Parkland Students Perform Song Inspired by Victim Alex Schachter's Poem at Benefit Concert

Playing Parkland Students Perform Original Song During Star-Studded Benefit Concert

Marjory Stoneman Douglas High School students joined some of Broadway’s best as they honored the victims of the February mass shooting in song, including pieces inspired by the works of those lost.

More than 4,700 people attended "From Broadway With Love: A Benefit Concert for Parkland, USA," a star-studded concert featuring drama students, local arts groups and entertainers from the stage and television at the BB&T Center in Sunrise, Fla., on Monday.

Seasoned performers lent their expertise to help teens pay tribute to the 17 killed when a gunman opened fire inside the halls of their Parkland high school on Feb. 14. 

With the help of singer-songwriter and composer Duncan Sheik, Stoneman Douglas junior Sawyer Garrity and another student wrote a song based on a poem penned by Alex Schachter, who was among those killed in the massacre.

"This song is for him," Garrity told CNN. "He's going to live on through this song and through this poem he wrote."

Schachter's parents asked the students to write the song after their first performance at a town hall following the shooting, Garrity said. 

"In the end, everything that we're doing is for them and everything that we're doing is so that they'll be remembered — all the 17, and even the ones who were injured and anyone hurt by gun violence," Garrity said.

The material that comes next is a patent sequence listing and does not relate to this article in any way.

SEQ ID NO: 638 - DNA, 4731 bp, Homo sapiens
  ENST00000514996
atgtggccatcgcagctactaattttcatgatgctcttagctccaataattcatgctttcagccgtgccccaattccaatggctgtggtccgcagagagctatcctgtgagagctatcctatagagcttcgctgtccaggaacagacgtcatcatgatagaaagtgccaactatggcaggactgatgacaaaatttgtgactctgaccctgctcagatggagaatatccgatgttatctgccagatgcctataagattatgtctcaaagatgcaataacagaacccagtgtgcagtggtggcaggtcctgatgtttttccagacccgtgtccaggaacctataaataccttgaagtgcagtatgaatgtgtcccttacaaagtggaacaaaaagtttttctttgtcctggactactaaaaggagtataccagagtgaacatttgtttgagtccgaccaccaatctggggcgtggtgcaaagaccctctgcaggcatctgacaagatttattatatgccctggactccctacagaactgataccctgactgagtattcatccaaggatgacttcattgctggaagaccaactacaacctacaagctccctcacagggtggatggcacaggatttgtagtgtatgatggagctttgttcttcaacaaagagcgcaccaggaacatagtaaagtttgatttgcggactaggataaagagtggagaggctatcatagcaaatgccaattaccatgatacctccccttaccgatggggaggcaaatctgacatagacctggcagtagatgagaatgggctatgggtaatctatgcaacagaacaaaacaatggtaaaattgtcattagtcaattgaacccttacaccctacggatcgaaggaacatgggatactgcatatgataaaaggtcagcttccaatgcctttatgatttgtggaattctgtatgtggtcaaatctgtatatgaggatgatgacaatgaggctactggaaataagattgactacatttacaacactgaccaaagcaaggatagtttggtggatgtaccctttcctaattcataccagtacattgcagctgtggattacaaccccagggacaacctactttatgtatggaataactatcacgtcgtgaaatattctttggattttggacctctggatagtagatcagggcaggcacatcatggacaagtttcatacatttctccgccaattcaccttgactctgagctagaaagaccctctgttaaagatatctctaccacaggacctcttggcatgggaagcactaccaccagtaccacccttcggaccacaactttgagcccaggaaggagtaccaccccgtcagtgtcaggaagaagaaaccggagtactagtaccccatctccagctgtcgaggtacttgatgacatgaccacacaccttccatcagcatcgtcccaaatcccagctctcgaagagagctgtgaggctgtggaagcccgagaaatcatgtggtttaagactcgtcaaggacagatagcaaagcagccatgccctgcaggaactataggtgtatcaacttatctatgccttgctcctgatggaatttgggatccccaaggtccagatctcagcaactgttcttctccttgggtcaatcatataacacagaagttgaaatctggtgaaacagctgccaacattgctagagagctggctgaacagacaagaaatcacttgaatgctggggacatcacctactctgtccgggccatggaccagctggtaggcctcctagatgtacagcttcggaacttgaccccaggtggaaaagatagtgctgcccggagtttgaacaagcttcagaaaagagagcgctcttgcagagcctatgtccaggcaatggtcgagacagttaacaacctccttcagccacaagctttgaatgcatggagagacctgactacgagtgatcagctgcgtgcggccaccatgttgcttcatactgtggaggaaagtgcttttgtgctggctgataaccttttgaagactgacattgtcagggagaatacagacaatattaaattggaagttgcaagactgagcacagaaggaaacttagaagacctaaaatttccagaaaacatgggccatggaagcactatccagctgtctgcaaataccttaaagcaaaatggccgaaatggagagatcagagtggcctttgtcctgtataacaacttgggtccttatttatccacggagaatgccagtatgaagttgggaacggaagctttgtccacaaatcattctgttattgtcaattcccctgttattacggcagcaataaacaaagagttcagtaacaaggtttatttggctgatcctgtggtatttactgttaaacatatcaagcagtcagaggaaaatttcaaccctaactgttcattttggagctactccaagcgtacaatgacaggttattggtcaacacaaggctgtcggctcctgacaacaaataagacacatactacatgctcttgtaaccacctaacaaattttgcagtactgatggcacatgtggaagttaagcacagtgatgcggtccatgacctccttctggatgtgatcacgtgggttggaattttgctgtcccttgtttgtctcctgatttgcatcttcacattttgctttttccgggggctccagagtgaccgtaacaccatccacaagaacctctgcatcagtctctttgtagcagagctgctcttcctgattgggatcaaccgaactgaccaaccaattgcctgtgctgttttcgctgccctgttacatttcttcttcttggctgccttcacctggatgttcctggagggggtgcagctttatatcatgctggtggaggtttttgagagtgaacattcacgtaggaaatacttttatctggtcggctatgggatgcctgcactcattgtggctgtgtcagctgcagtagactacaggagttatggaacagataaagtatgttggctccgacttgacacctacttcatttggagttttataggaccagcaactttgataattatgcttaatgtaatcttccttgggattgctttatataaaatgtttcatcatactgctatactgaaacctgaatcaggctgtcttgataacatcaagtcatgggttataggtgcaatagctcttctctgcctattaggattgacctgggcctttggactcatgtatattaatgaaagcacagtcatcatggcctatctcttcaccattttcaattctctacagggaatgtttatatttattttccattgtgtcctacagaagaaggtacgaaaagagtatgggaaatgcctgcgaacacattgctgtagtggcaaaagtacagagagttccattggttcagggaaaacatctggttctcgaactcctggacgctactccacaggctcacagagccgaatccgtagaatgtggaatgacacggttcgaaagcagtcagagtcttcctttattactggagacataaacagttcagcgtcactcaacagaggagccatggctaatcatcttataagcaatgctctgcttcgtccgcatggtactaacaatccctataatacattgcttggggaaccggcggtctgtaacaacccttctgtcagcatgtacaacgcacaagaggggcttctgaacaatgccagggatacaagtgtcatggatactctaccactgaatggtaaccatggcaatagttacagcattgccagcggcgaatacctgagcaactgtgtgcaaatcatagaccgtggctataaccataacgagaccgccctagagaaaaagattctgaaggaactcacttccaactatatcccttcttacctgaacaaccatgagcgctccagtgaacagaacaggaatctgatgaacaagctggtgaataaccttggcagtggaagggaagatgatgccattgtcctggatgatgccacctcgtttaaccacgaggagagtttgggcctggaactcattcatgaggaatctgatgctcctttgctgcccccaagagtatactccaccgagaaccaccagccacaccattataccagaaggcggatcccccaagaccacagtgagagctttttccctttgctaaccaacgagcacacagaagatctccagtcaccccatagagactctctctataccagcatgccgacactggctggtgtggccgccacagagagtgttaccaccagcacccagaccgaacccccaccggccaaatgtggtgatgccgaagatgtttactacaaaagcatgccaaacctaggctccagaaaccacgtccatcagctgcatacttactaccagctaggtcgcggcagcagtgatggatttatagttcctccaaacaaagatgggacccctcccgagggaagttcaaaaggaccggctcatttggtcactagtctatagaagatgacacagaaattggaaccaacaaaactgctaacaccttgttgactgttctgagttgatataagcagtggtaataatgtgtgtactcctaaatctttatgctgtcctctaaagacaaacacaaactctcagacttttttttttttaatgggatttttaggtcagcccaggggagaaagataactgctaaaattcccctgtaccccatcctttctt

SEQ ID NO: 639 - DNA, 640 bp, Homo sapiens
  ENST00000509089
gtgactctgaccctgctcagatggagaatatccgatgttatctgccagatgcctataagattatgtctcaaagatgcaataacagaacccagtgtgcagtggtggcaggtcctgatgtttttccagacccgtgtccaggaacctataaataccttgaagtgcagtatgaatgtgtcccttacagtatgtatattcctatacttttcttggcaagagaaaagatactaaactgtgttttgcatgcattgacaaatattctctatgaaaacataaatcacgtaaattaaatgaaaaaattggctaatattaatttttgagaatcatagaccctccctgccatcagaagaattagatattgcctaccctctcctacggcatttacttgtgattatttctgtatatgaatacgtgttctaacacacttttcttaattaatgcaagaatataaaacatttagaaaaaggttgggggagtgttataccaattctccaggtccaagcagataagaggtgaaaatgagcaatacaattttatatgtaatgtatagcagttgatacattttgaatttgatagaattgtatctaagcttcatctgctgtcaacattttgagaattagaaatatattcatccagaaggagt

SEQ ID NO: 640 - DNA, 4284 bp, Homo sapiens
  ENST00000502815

The dance group to which victim Jaime Guttenberg belonged also took to the stage to honor their fallen friend in an emotional performance that left the audience cheering. 

Wayne Brady, "Glee" star Matthew Morrison and former "American Idol" runner-up Justin Guarini were among those who performed with the teens, in what student Alex Wind called "a day of light."

“It’s a day of hope. It’s a day of remembrance and a day of really just coping and healing through music," Wind added.

Seven student-written songs were performed during the three-hour concert.

"The school is very, very active in the arts and in the Broadway community," Broadway performer Deborah Cox, who personally knew two of the victims, told WQAM-TV.  "It’s just wonderful that we’re here, you know, as a voice for these kids, as well, as an extended voice."

Proceeds from the event will go to the Marjory Stoneman Douglas Victims' Fund and Shine MSD to benefit arts advocacy in the Parkland community.

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